President Barack Obama announced he will “not stand still” in combating America’s growing income inequality gap during his State of the Union Address Tuesday night.
“Today, after four years of economic growth, corporate profits and stock prices have rarely been higher, and those at the top have never done better. But average wages have barely budged. Inequality has deepened. Upward mobility has stalled,” Obama said before a joint session of congress.
If Congress does not act to fight the problem, Obama said he will use the executive actions within his power to move the issue forward.
He also detailed other issues on the White House’s policy agenda for the coming year, reiterating his commitment to the economy, early education, health care, gun control, foreign policy and equal pay for women.
He also said that the White House is working toward making college education more affordable for students.
“We’re shaking up our value, so that no middle-class kid is priced out of a college education,” Obama said. “We’re offering millions the opportunity to cap their monthly student loan payments to ten percent of their income, and I want to work with Congress to see how we can help even more Americans who feel trapped by student loan debt.”
Obama asked congress to revisit immigration reform, making a bipartisan call to reform the nation’s immigration system this year.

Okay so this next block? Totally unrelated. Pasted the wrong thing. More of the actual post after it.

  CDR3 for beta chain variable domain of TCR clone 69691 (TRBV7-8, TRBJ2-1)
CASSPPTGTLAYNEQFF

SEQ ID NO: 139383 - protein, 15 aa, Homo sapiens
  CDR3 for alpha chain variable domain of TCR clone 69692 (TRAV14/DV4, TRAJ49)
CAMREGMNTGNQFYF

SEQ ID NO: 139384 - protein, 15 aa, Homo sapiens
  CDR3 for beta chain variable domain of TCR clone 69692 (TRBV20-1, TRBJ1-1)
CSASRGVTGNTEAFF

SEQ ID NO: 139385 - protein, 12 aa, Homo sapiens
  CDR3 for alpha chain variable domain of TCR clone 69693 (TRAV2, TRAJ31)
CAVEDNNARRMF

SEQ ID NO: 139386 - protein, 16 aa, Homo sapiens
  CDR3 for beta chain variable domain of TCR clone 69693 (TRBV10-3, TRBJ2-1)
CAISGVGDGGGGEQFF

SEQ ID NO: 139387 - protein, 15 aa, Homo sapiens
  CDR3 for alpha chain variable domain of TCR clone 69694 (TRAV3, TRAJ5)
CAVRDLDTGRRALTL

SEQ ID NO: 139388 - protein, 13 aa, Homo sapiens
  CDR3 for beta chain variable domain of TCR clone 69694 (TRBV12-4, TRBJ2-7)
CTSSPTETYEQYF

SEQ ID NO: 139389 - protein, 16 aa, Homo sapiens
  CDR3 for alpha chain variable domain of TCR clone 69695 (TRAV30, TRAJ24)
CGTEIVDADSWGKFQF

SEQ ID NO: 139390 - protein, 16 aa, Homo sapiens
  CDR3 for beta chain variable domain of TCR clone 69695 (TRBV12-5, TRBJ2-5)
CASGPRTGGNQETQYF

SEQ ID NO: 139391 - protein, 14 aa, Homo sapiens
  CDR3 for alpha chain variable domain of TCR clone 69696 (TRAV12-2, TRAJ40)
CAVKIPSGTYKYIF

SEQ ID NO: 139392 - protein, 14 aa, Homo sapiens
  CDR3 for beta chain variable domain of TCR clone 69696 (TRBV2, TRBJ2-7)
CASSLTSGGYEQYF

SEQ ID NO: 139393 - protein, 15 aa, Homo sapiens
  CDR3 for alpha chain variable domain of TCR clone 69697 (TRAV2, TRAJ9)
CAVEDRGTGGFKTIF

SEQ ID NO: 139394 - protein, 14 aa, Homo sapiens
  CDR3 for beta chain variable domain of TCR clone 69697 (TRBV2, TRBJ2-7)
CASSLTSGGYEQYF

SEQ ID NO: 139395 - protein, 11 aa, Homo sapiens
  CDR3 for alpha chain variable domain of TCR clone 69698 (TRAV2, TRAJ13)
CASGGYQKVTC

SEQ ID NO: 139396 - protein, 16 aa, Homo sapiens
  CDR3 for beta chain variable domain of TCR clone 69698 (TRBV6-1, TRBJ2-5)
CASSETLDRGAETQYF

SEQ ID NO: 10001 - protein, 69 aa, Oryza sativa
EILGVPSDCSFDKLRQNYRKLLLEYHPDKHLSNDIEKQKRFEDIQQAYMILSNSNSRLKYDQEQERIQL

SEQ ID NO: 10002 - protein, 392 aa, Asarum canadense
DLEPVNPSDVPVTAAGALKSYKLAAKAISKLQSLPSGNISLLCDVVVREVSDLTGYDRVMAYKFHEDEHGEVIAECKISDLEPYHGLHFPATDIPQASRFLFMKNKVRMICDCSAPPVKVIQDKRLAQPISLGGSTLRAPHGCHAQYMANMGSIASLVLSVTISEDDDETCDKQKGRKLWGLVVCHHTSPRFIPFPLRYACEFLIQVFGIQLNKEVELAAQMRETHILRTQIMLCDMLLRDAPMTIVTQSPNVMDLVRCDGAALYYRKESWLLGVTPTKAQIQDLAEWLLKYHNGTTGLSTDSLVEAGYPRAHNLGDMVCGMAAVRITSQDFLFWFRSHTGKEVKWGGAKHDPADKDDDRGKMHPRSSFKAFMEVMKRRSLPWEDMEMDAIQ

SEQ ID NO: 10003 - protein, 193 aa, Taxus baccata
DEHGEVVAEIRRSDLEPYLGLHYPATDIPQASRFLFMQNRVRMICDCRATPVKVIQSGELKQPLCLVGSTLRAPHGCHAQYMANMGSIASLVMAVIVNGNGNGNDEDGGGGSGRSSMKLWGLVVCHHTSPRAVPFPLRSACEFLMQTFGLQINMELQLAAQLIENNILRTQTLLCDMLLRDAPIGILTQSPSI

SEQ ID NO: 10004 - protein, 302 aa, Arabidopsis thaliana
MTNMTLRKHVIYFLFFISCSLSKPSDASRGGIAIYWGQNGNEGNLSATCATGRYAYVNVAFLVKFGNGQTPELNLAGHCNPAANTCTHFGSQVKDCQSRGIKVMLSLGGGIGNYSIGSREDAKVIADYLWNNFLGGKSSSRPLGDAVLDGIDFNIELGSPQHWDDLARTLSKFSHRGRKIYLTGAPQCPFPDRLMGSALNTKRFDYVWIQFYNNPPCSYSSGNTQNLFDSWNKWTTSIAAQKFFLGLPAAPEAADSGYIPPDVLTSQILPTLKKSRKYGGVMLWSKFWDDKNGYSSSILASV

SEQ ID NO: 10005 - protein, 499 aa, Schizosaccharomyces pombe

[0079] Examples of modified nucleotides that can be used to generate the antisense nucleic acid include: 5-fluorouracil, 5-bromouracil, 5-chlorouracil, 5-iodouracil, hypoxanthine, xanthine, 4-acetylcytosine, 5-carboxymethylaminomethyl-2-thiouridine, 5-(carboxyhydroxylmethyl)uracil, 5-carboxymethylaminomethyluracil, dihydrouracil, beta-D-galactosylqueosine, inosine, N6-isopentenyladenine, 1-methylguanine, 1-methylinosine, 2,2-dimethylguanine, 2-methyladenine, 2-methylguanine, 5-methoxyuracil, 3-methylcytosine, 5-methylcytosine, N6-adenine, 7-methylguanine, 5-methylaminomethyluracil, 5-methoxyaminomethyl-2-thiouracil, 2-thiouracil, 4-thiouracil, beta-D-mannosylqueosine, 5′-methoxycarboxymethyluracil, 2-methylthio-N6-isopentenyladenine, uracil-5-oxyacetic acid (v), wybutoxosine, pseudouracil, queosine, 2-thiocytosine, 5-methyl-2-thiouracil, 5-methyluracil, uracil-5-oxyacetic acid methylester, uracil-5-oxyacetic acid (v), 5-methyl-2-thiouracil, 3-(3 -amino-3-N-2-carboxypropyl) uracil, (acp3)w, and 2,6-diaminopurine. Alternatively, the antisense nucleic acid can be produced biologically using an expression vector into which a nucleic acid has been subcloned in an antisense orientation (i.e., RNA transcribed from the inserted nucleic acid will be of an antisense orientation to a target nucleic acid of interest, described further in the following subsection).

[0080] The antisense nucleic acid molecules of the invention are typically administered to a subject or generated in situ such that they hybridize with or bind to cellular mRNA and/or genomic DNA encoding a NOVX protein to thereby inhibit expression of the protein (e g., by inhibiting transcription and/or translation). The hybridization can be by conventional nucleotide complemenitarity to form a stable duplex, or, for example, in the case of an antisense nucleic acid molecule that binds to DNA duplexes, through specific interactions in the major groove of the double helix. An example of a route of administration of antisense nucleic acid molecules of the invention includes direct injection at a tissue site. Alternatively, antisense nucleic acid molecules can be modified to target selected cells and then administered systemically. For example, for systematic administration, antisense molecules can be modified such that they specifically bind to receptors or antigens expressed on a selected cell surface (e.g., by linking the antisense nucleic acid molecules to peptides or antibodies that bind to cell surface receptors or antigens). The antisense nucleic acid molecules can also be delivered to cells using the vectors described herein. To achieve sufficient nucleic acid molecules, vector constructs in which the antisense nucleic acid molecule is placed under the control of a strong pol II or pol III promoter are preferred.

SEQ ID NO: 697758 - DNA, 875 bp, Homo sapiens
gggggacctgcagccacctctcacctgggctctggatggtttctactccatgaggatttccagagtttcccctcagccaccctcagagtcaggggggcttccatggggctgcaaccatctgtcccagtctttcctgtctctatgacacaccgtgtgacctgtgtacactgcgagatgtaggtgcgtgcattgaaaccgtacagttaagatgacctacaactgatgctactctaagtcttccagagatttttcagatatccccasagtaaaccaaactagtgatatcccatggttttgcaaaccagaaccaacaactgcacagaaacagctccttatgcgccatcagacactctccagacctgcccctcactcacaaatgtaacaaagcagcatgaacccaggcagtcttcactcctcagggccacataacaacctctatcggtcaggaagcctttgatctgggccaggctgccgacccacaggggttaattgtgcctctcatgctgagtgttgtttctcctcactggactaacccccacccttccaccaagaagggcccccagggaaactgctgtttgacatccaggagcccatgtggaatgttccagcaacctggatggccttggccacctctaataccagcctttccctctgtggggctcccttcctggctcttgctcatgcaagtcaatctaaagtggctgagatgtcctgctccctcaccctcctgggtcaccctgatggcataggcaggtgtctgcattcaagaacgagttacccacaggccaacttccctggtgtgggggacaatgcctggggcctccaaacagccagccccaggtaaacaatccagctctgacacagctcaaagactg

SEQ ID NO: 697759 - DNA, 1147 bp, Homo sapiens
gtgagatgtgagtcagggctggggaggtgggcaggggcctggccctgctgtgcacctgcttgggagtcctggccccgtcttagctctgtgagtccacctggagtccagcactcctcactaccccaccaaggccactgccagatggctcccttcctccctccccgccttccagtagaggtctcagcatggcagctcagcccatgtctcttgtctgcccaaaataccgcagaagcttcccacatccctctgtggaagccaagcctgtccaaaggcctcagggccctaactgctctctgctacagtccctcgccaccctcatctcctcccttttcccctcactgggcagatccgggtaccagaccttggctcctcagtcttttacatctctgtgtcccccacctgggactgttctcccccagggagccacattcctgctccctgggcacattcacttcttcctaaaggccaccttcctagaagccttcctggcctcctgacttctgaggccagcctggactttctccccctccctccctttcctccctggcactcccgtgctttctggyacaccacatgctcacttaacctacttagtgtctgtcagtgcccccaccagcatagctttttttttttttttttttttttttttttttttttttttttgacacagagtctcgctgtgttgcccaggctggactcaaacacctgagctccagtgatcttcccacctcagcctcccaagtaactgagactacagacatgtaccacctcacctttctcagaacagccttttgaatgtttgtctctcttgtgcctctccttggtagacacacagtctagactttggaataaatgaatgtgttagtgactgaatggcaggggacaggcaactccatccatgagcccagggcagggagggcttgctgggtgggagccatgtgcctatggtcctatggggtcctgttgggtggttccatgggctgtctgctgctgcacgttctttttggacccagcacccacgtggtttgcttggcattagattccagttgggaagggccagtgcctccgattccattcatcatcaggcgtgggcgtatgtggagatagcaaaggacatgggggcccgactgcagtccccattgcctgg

“Independent economists say immigration reform will grow our economy and shrink our deficits by almost $1 trillion in the next two decades,” Obama said. “When people come here to fulfill their dreams- to study, invent, and contribute to our culture- they make our country a more attractive place for business to locate and create jobs for everyone.”
However, the political climate surrounding the president’s agenda is “poisonous,”
according to Dr. Thomas Holyoke, a Fresno State political science professor.
“There’s just a lot of bad blood there to the extent that a lot of this has become personal,” Holyoke said. “In fact, I don’t ever remember seeing such a poor relationship between a president and the opposition party in Congress as this one.”
Because of that, this State of the Union Address may have little effect on legislation, Holyoke said.